Predict Project's Future with Cumulative Flow Diagramoriginally written by Charan Atreya Read online on www.kanbanway.com
Our summary and key takeaways
Any project manager faces this problem – trying to estimate how a project will go, at which point will it begin to shake and crumble, or will it exceed everyone's expectations and get done before its time? Kanban offers some help regarding these issues, as described by Charan Atreya.
Starting to manage with Critical Chain
In Charan's experience as soon as the estimates get done, they start to be treated like deadlines, and to nobody's surprise this creates a series of unexpected consequences and failure. What he resolved to do is adopt the Critical Chain method (one that puts emphasis on resources needed to complete tasks, as described by Eliyahu M. Goldratt). By doing this Charan gained the ability to estimate success or failure better. He also utilized a Kanban board to visualize the task switching and limit multi-tasking,
The approach had worked until a new project came along, and much different too. Since there was no possibility to estimate resources, because the road map creation was taking a long time and initial work needed to begin, the Critical Chain approach was no longer applicable.
Going for Kanban alone
The new idea was to go along with Charan's long-time belief in Kanban as an execution process, not a planning one, and thereby exclude Critical Chain altogether and stick to just Kanban. But that left the issue of planning the project unsolved. But sticking to Kanban alone was paired with Charan's brainwave of questioning the need of a detailed plan in general. As he knew what the team was meant to achieve within a year anyway, and it was clear that the plans will change many times within the process, it's save to say that detailed planning could be just a waste of time.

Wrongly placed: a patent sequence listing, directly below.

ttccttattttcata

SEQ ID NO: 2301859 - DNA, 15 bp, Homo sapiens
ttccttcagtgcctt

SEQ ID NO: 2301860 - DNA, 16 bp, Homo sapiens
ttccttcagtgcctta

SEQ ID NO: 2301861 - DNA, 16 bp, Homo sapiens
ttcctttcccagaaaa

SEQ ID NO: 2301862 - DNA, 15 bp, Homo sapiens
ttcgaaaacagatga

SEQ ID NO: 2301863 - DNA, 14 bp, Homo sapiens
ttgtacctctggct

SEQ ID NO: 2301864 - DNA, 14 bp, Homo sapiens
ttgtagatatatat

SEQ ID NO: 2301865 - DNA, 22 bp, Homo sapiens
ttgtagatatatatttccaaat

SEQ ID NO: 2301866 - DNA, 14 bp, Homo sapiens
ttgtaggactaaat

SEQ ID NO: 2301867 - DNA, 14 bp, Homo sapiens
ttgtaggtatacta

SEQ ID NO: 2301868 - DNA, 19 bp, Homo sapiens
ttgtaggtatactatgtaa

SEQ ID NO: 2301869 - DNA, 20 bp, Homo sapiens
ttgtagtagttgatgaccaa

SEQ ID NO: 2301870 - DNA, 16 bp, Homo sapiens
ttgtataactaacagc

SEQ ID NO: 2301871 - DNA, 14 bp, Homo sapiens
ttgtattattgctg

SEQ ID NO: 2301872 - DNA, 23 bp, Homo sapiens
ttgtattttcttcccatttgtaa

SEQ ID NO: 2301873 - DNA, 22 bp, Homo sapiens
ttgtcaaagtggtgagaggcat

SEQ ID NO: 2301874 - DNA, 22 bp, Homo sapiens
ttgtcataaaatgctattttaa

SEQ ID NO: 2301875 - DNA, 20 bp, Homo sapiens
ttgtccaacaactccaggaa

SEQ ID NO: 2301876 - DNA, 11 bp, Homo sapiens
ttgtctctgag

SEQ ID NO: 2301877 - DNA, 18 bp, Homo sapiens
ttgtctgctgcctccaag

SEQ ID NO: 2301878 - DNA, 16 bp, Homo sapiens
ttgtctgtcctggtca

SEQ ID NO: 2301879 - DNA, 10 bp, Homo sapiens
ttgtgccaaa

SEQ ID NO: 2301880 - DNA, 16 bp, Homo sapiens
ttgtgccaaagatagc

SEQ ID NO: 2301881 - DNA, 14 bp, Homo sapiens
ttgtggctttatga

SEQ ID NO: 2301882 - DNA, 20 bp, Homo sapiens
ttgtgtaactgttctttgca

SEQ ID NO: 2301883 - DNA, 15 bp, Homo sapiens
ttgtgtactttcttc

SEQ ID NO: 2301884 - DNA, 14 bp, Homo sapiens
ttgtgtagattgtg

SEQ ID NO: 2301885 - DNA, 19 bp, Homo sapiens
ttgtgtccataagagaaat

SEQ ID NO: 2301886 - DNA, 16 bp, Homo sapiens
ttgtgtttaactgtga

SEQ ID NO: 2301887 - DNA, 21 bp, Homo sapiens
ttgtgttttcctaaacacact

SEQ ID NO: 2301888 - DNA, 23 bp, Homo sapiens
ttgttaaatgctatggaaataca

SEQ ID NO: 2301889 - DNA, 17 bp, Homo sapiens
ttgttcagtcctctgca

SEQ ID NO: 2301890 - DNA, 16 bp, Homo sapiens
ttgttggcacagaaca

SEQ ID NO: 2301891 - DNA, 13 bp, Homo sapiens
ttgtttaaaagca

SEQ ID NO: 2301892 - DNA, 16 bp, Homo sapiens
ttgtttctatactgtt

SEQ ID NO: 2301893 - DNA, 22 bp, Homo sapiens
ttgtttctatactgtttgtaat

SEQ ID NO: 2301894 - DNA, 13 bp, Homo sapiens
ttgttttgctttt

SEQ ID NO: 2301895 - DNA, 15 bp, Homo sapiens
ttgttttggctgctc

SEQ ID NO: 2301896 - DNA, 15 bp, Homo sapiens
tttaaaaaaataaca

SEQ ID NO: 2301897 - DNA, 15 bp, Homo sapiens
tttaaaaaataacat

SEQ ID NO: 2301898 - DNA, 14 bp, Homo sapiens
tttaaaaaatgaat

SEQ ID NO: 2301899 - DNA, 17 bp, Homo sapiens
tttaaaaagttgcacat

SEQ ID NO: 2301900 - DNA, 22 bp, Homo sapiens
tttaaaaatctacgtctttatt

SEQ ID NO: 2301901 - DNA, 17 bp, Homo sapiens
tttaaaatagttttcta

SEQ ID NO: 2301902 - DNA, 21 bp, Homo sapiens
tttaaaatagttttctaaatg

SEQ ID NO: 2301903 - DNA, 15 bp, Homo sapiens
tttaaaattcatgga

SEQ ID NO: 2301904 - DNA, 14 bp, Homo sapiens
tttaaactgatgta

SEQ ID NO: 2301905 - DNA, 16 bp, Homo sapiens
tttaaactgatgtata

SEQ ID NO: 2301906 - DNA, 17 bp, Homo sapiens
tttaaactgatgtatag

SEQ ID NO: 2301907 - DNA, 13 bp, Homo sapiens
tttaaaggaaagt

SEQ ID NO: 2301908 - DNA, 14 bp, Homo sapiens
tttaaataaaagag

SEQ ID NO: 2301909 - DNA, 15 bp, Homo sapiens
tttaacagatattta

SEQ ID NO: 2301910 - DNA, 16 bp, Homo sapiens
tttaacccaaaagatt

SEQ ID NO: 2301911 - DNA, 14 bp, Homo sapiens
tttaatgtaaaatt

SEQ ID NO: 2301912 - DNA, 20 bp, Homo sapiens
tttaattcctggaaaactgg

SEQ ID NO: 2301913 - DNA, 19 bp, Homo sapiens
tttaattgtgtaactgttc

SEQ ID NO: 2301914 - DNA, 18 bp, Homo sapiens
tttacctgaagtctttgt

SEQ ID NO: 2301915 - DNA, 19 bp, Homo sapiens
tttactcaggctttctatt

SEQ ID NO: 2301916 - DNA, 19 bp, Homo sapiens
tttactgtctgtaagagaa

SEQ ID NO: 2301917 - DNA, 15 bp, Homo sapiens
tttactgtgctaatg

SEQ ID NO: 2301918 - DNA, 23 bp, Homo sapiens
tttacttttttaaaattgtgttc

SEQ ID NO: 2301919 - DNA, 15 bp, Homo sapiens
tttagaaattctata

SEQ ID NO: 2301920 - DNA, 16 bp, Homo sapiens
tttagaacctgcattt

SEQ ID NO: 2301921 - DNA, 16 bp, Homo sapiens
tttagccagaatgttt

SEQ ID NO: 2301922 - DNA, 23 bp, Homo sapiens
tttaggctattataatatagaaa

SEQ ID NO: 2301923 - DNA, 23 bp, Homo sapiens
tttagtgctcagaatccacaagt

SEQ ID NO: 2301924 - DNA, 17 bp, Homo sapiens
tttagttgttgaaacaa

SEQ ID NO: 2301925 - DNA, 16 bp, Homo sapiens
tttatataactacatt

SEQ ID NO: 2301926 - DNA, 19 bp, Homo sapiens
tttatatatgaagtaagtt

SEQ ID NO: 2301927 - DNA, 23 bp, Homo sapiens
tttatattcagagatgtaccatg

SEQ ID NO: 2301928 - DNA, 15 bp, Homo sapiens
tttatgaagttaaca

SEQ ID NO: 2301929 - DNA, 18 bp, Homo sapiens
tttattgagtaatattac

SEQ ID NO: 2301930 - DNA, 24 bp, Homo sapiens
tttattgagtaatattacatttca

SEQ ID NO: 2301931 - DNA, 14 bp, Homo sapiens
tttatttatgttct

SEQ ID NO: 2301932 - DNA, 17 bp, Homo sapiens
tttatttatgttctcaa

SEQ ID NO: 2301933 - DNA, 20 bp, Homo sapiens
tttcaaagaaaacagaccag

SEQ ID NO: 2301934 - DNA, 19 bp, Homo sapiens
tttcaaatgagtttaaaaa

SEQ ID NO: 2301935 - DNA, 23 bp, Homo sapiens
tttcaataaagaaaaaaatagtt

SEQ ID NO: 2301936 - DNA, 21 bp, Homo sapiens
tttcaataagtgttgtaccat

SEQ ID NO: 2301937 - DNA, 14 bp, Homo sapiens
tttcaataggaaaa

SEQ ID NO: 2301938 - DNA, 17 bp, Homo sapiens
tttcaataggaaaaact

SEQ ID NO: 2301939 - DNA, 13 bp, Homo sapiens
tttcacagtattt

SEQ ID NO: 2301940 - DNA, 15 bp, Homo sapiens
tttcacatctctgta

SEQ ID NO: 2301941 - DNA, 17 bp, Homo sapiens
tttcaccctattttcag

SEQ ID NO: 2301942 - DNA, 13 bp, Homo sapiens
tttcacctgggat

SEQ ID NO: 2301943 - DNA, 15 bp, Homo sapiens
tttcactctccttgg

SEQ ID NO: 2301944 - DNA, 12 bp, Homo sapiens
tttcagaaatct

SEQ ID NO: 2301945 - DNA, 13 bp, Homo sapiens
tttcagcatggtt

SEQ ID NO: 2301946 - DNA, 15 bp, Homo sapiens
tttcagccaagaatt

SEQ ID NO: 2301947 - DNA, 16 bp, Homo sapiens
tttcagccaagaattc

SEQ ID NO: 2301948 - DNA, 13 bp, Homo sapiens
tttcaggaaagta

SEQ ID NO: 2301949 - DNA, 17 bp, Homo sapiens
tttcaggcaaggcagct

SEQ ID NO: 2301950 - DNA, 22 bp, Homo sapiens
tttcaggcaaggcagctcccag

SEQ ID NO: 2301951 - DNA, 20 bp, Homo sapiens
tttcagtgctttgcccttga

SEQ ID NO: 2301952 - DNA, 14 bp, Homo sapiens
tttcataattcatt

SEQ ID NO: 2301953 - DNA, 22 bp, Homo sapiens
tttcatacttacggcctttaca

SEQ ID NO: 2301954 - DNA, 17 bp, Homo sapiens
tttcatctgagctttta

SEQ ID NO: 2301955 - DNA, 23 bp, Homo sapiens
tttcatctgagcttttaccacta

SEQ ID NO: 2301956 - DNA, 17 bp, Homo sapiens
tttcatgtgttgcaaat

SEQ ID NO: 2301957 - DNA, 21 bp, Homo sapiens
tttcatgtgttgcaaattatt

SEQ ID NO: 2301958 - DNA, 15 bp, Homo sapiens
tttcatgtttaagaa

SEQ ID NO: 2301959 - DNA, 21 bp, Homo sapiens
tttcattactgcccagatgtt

Now, the goal had been defined as committing to deliveries that bring the highest value to the product only. Together with the sponsor, they've agreed to bring the product up to date in small chunks. The sponsor will be responsible for prioritizing the issues, and the team will focus on delivering as fast as possible. As to budget – it's been decided on incremental rather than bulk funding.
Now, a Kanban board has brought tasks visualization and an ability to effectively limit the work in progress. As to measuring the flow over time, Charan had resorted to utilizing of the Cumulative Flow Chart. He began by following daily progress in each stage and drawing it up against time passed. This showed in a very readable way how the tasks were progressing through the system. Also, thanks to this information he was able to predict how long in may take for the future tasks to be completed, basing on the team's performance, not guesswork. By following the tasks from start to finish along the graph, Charan had also managed to read out the average cycle time, which in turn provided the capability to accurately estimate delivery rates for projects, provided he only knew the total number of tasks involved.
Thanks to simplifying the planning approach, as well as applying Kanban, Charan had been able to limit the number of charts necessary to follow to one, which is a remarkable result and improvement for any project manager. Not to mention the gained ability to better predict the future of the project and provide accurate estimates to the clients.
Read our article on Cumulative Flow Diagrams »